Wedding Photography and Video

Chuck Delaney (1994, Allworth Press 10 East 23rd Street, New York, NY 10010, 159 pp., $11)

Weddings provide opportune moments waiting to be captured on film. And becoming a wedding videographer may be the perfect way to catch them. Although Wedding Photography and Video is a guide for the bride and groom on how to choose a competent photographer or videographer, it does include an abundance of helpful information for the beginning wedding videographer.

In Wedding Photography and Video, Delaney provides a plethora of tips on what to look for in a videographer. With step-by-step advice, he states what should be included in the wedding video, the story it should tell and even the ins and outs of copyrighted music. The book includes a useful checklist of video moments to capture, ranging from the bride getting dressed to the best man’s toast. The bottom line is, if you’re interested in the field of wedding videography, this book will help you know what the happy couple is looking for even before they ask.


Silent Echoes: The Films of Buster Keaton

John Bengtson (2000, Santa Monica Press LLC P.O. Box 1076, Santa Monica, CA 90406-1076, 58 pp., $25)

With technology racing forward, it’s comforting to take a step back. In Silent Echoes, John Bengtson provides a historically intense scrapbook of Buster Keaton’s pioneer filmmaking. Bengtson depicts the works of comedic Keaton through behind-the-scenes photos. He illustrates how Keaton used varying camera angles to achieve different scene looks while staying in the same location. Photos point out torn down, moved, then reconstructed buildings, repeatedly seen props and streets used over and over again in Keaton’s films.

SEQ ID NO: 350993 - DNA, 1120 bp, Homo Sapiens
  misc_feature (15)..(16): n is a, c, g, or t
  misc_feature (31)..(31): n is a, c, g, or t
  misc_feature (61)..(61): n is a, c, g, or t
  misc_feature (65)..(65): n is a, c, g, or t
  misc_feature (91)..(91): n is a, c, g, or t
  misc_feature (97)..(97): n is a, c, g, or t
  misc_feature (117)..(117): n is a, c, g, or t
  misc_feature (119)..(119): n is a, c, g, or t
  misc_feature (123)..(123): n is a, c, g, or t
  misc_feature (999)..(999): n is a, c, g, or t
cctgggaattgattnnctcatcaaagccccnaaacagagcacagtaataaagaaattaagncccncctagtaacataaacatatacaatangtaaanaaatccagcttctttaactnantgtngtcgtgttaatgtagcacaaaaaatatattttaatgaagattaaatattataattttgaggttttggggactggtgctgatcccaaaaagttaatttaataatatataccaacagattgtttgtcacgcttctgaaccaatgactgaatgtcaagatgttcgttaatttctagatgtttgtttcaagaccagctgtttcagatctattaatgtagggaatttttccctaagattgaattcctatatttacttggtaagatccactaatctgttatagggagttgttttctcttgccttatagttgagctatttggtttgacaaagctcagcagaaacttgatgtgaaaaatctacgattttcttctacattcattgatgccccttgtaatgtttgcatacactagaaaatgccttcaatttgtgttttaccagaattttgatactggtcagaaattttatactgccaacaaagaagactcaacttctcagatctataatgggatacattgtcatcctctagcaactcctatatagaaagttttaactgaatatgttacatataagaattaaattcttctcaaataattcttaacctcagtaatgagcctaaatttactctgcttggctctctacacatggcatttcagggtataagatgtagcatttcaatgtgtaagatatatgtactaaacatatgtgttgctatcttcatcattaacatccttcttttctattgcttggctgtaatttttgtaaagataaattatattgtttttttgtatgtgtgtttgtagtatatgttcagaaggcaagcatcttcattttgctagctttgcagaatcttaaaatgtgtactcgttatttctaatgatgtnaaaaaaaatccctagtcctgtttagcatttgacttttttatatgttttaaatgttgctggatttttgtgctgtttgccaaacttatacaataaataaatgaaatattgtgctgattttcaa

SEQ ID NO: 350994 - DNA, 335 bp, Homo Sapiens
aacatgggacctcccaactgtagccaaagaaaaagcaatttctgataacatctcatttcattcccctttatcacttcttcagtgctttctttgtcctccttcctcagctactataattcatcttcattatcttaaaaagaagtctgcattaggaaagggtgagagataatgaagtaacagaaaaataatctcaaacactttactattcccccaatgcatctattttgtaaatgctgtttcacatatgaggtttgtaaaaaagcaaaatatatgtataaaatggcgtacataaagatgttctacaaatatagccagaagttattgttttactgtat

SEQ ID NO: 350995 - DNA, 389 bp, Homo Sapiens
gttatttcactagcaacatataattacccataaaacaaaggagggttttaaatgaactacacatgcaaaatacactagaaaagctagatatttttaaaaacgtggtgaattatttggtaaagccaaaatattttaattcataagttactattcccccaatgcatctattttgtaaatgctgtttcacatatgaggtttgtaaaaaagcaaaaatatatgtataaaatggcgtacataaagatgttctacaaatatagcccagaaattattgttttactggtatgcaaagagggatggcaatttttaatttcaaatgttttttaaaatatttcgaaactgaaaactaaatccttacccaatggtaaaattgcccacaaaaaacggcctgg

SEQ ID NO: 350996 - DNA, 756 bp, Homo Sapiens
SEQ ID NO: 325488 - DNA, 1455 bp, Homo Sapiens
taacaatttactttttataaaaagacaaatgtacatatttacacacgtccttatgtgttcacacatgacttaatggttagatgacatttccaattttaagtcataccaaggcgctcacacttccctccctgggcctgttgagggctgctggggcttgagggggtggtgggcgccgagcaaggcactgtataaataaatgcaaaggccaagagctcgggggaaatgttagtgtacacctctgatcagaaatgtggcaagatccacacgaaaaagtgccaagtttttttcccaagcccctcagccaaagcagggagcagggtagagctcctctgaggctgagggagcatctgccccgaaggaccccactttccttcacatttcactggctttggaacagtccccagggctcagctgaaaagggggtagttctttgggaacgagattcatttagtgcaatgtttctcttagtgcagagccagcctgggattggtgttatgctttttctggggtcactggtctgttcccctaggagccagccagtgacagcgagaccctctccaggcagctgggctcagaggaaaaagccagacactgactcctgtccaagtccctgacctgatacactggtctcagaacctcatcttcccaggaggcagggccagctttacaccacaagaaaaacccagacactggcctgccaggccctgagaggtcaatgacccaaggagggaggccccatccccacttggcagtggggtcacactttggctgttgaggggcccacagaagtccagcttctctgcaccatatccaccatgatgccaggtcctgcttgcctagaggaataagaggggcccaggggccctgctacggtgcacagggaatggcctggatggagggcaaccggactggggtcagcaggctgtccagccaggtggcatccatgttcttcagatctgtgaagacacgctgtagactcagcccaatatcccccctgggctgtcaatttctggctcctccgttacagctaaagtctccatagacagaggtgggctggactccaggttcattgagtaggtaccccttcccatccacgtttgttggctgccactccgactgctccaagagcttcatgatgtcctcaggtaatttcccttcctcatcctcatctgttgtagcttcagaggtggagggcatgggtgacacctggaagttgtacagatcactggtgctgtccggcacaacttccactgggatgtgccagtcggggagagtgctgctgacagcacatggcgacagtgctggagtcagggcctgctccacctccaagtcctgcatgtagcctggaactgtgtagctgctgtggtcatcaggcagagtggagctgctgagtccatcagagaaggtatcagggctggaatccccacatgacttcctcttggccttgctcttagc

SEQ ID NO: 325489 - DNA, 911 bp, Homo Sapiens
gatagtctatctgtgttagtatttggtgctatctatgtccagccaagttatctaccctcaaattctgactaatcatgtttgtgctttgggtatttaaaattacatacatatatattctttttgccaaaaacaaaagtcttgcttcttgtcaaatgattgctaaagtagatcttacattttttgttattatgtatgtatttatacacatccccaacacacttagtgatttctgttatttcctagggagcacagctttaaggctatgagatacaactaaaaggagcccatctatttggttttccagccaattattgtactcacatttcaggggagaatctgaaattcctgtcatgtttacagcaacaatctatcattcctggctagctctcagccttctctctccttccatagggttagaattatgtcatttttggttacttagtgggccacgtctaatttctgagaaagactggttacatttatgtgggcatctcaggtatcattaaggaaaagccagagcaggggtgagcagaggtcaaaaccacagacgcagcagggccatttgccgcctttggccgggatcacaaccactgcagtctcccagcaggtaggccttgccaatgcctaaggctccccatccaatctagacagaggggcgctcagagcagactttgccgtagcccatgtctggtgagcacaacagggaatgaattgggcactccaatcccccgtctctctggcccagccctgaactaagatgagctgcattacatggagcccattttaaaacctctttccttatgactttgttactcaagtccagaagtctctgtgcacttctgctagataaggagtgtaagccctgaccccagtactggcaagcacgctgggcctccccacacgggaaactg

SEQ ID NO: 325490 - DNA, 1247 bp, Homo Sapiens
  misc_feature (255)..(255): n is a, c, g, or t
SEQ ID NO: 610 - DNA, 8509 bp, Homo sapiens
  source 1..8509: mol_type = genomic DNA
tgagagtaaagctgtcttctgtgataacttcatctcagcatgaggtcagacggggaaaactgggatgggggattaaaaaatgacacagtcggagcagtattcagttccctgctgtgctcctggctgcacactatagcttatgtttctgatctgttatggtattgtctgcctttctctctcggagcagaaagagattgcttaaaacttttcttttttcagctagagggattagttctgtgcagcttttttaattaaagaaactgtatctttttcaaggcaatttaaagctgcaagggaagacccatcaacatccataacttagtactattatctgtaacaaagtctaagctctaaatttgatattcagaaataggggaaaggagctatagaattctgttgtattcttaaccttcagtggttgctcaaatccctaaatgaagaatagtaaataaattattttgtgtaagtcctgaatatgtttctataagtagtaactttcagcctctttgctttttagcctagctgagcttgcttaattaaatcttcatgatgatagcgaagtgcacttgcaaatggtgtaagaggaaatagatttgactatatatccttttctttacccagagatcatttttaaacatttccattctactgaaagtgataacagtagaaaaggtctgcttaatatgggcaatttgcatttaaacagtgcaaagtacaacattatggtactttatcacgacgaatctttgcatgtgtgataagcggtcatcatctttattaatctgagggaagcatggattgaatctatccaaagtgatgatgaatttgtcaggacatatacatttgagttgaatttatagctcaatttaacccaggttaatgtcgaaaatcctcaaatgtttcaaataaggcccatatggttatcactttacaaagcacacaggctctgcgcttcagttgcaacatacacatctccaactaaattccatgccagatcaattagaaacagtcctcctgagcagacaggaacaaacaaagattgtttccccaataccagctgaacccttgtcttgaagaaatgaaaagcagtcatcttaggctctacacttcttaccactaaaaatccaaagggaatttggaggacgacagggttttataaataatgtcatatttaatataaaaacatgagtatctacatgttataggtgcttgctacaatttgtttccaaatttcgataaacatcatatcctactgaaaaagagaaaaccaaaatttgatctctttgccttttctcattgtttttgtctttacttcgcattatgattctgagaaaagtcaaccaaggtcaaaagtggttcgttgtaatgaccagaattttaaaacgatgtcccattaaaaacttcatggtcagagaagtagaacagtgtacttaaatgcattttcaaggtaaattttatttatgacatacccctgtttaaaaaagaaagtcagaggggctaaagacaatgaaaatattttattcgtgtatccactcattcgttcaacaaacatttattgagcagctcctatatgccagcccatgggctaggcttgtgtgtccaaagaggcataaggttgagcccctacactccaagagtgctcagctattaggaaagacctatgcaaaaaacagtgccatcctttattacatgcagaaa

However, while the book itself is intriguing, it holds limited value for budding videographers. A majority of the book focuses on "Keaton’s Hollywood landmarks" rather than on his actual filmmaking techniques. On the other hand, it might be useful to budgeted videographers who are wondering how to turn the same old neighborhood into a brand new set.


Understanding Sound Systems

Larry Stover (1997, Atlantic Video Productions, P.O. Box 58126, Raleigh, NC 27658, 108 minutes, $40)

While this video is encased in a rough exterior and lacks aesthetic frills, it delivers valuable information on managing sound for video. Understanding Sound Systems will help the beginning videographer gain basic knowledge of how sound equipment functions. The video includes layout design, installation technique and operation information. Detailed subsections cover audio chains, microphones (including wireless), cable systems, mixers, amplifiers, loud speakers, feedback and equalization. Stover also includes some helpful troubleshooting information. The video addresses specific audio questions, one-by-one, in a classroom-like setting (with whiteboard diagrams and all).

Although immensely informative, the video is fairly dry and slow moving. But, if you have a serious interest in sound systems and are willing to look past the classroom setting, you will benefit from Stover’s expertise.

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